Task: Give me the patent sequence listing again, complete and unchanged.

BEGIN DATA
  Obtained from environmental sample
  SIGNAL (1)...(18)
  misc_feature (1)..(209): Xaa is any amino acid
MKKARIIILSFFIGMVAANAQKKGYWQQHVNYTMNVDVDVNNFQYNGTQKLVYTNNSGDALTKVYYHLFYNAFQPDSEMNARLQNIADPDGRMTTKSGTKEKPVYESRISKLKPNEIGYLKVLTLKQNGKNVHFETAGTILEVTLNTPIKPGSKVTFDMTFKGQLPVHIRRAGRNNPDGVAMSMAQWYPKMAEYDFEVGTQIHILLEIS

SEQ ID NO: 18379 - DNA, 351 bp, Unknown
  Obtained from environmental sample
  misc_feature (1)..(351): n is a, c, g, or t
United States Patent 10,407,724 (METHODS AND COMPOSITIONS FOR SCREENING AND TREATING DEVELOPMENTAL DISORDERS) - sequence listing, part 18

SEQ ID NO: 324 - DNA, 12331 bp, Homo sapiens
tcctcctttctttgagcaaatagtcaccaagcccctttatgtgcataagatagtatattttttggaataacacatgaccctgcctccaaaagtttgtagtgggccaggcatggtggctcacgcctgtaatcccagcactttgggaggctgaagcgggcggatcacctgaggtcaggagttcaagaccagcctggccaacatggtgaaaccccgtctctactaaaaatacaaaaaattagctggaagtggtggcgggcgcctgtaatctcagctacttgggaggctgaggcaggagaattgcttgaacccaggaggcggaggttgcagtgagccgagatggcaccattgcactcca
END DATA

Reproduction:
  Obtained from environmental sample
  SIGNAL (1)...(18)
  misc_feature (1)..(209): Xaa is any amino acid
MKKARIIILSFFIGMVAANAQKKGYWQQHVNYTMNVDVDVNNFQYNGTQKLVYTNNSGDALTKVYYHLFYNAFQPDSEMNARLQNIADPDGRMTTKSGTKEKPVYESRISKLKPNEIGYLKVLTLKQNGKNVHFETAGTILEVTLNTPIKPGSKVTFDMTFKGQLPVHIRRAGRNNPDGVAMSMAQWYPKMAEYDFEVGTQIHILLEIS

SEQ ID NO: 18379 - DNA, 351 bp, Unknown
  Obtained from environmental sample
  misc_feature (1)..(351): n is a, c, g, or t
United States Patent 10,407,724 (METHODS AND COMPOSITIONS FOR SCREENING AND TREATING DEVELOPMENTAL DISORDERS) - sequence listing, part 18

SEQ ID NO: 324 - DNA, 12331 bp, Homo sapiens
tcctcctttctttgagcaaatagtcaccaagcccctttatgtgcataagatagtatattttttggaataacacatgaccctgcctccaaaagtttgtagtgggccaggcatggtggctcacgcctgtaatcccagcactttgggaggctgaagcgggcggatcacctgaggtcaggagttcaagaccagcctggccaacatggtgaaaccccgtctctactaaaaatacaaaaaattagctggaagtggtggcgggcgcctgtaatctcagctacttgggaggctgaggcaggagaattgcttgaacccaggaggcggaggttgcagtgagccgagatggcaccattgcactcca